The letter comes a day after those prosecutors wrote Nathan to inform her of Maxwell's quarantine, and that Maxwell herself so far had tested negative for COVID.

Maxwell, 58, is being held without bail in the Metropolitan Detention Center on charges related to her alleged recruitment and grooming of several underage girls to be sexually abused by Epstein in the 1990s.

She was arrested in July, almost exactly a year to the day after Epstein's own arrest on federal charges, at a million-dollar hideaway in New Hampshire.

Maxwell has pleaded not guilty in the case, and is due to go on trial next year.

Epstein, who had been a friend of Presidents Donald Trump and Bill Clinton, as well as with Britain's Prince Andrew, pleaded guilty in 2008 to Florida state crimes, which included paying an underage girl for sexual services. He served 13 months in jail in that case.

Last year, Trump's then-Labor secretary, Alex Acosta, resigned after heavy criticism of his decision in 2007 to cut a nonprosecution deal with Epstein for federal crimes when Acosta was the U.S. attorney for Miami exchange for his agreement to plead guilty to state charges.

The letter from prosecutors on Monday included details of Maxwell's treatment in jail, which includes being allowed out of her cell three times per week during quarantine for up to 30 minutes each time, and being allowed to use an email system to communicate with relatives and her lawyers.

Sternheim, in her own letter, wrote, "the letter presents an incomplete picture of Ms. Maxwell's conditions of confinement."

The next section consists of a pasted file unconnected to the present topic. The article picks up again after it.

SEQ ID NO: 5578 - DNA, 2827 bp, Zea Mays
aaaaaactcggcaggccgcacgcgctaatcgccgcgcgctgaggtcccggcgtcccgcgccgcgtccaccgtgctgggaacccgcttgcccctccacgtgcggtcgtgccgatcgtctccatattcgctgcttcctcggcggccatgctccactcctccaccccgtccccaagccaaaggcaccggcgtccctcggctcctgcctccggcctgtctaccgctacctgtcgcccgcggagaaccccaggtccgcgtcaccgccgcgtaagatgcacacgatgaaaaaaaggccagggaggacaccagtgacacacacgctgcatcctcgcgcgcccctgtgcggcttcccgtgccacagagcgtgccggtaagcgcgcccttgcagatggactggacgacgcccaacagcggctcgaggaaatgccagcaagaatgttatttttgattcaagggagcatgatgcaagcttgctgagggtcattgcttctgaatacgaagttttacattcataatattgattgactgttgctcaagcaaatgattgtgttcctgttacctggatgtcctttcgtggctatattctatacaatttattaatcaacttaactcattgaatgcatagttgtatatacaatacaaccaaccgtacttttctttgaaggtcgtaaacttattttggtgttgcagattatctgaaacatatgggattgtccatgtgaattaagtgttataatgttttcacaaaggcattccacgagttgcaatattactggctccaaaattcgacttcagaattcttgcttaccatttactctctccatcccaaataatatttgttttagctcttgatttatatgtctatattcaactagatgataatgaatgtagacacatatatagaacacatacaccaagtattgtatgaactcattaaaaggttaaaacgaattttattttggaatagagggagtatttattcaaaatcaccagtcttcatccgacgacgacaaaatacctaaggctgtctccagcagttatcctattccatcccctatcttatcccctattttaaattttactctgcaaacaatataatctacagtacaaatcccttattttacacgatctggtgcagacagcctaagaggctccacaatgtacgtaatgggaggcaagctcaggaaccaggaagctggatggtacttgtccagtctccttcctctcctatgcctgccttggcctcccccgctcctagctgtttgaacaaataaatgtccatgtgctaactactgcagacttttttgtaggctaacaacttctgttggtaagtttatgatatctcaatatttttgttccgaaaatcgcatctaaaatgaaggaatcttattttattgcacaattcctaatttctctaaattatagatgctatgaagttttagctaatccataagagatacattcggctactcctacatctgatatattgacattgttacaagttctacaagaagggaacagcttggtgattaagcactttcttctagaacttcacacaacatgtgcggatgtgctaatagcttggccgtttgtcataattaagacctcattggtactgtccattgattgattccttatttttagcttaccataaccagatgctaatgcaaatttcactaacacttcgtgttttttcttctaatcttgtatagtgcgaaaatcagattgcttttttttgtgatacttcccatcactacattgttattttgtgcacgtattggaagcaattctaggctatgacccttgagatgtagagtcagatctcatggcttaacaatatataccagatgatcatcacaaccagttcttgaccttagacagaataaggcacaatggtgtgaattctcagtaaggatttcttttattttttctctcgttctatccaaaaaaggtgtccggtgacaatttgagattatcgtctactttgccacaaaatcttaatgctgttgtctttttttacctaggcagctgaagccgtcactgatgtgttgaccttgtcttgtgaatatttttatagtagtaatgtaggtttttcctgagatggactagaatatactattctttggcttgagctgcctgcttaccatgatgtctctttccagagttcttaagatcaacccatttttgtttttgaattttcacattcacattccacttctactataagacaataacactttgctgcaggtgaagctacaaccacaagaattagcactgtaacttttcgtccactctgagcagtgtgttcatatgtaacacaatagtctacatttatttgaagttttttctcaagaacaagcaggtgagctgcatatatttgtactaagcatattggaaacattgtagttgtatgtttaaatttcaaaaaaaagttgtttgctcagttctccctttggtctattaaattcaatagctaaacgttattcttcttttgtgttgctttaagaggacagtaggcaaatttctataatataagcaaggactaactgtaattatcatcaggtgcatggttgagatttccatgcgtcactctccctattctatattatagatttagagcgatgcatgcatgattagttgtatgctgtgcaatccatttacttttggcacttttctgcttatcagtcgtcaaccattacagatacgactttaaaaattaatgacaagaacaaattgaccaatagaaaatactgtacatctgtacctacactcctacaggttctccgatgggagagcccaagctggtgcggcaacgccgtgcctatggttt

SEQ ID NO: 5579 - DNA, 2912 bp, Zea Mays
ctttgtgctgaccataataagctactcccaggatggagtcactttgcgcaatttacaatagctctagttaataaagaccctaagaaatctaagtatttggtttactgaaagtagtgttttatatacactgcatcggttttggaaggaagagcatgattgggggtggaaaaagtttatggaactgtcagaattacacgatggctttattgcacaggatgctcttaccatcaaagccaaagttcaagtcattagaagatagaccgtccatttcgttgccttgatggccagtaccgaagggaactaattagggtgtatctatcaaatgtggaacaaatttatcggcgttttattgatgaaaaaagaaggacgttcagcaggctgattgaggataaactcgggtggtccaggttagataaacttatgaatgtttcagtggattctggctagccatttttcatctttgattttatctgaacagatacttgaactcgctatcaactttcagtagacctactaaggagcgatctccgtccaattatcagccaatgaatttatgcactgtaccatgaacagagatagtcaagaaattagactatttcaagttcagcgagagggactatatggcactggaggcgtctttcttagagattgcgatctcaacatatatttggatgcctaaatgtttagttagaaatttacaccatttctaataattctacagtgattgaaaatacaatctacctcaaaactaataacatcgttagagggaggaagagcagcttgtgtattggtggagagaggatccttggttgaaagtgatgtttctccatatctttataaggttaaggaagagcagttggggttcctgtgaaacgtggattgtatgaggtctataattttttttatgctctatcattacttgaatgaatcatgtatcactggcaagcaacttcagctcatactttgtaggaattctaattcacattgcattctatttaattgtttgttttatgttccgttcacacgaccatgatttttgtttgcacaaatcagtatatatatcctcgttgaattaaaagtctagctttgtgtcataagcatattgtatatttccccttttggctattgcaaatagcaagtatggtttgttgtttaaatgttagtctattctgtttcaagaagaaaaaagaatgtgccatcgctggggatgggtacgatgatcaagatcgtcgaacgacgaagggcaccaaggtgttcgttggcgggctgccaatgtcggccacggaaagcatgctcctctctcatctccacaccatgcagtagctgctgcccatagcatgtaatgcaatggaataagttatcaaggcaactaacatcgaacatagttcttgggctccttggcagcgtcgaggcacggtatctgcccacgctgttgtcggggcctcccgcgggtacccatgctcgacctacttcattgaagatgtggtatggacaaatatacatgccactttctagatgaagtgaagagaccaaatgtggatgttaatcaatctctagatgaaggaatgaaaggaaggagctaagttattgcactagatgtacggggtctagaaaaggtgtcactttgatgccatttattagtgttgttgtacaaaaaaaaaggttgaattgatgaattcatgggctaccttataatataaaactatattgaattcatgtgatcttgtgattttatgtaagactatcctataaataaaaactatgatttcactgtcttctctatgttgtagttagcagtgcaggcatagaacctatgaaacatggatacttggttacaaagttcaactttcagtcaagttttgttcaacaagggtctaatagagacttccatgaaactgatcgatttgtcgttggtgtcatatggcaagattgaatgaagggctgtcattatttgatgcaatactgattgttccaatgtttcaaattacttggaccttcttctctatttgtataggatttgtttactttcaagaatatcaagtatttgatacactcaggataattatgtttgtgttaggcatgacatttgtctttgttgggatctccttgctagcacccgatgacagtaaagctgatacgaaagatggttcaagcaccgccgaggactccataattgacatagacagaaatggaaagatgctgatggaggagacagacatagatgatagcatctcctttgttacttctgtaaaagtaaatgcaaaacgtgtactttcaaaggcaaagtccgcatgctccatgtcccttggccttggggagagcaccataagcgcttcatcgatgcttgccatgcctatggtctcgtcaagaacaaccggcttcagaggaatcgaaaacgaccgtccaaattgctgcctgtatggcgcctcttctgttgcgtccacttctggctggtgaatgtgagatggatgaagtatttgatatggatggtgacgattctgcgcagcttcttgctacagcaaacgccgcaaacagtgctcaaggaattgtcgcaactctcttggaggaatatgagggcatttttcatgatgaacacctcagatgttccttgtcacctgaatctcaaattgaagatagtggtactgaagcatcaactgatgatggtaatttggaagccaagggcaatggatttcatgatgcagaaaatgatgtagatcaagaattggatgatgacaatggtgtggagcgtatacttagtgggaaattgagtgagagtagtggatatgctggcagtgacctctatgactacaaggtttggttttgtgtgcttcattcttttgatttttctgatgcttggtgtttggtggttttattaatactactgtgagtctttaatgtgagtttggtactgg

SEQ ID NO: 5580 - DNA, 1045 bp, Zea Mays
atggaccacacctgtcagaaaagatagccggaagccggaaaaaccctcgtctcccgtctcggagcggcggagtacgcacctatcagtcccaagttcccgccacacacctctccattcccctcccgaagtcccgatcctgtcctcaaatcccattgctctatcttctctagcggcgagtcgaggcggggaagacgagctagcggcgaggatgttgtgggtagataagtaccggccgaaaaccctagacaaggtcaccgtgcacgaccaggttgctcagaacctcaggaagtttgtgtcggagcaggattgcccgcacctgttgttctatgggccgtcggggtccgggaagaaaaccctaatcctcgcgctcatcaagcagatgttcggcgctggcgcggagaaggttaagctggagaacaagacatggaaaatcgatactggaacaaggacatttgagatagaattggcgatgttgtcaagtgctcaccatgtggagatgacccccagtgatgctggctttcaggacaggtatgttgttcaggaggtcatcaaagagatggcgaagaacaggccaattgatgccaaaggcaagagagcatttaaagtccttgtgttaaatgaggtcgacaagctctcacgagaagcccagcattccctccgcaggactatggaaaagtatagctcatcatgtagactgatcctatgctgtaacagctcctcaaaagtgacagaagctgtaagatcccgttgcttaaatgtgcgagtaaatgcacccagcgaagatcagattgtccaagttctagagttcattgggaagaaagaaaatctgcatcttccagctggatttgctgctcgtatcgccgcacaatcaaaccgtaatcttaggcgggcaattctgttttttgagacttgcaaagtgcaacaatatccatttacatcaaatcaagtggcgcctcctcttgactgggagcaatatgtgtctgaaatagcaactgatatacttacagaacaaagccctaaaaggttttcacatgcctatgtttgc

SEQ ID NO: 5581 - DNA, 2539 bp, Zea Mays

"The government highlights what Ms. Maxwell is permitted but not what she is denied: equal treatment accorded other inmates in general population," the defense lawyer wrote.

"Ms. Maxwell has spent the [entirety] of her pretrial detention in de facto solitary confinement under the most restrictive conditions where she is excessively and invasively searched and is monitored 24 hours per day," Sternheim said. "In addition to camera surveillance in her cell, a supplemental camera follows her movement when she is permitted to leave her isolation cell and is focused on Ms. Maxwell and counsel during in-person legal visits."

"And despite non-stop in-cell camera surveillance, Ms. Maxwell's sleep is disrupted every 15 minutes when she is awakened by a flashlight to ascertain whether she is breathing."

The lawyer said that jail officials concede that they are "unable to place her in general population for her safety and the security of the institution but [fail] to explain why she is deprived of all other opportunities provided to general population inmates."

Sternheim said that the claim by prosecutors that Maxwell "'continues to have more time to review her discovery than any other inmate at the MDC, even while in quarantine' gives the unfair impression that she is being given a perquisite."

"However, given the voluminous discovery in this case, the most recent production alone being 1.2 million documents, the time accorded Ms. Maxwell remains inadequate for her to review and prepare the defense of her life," the lawyer wrote.

Shortly after Sternheim's letter was filed on the court docket, Nathan ordered the lawyer and prosecutors to meet and to confer on Sternheim's request that the jail's warden directly address Maxwell's concerns about the conditions of her detention. The judge also told the parties to send her a status report within the next week.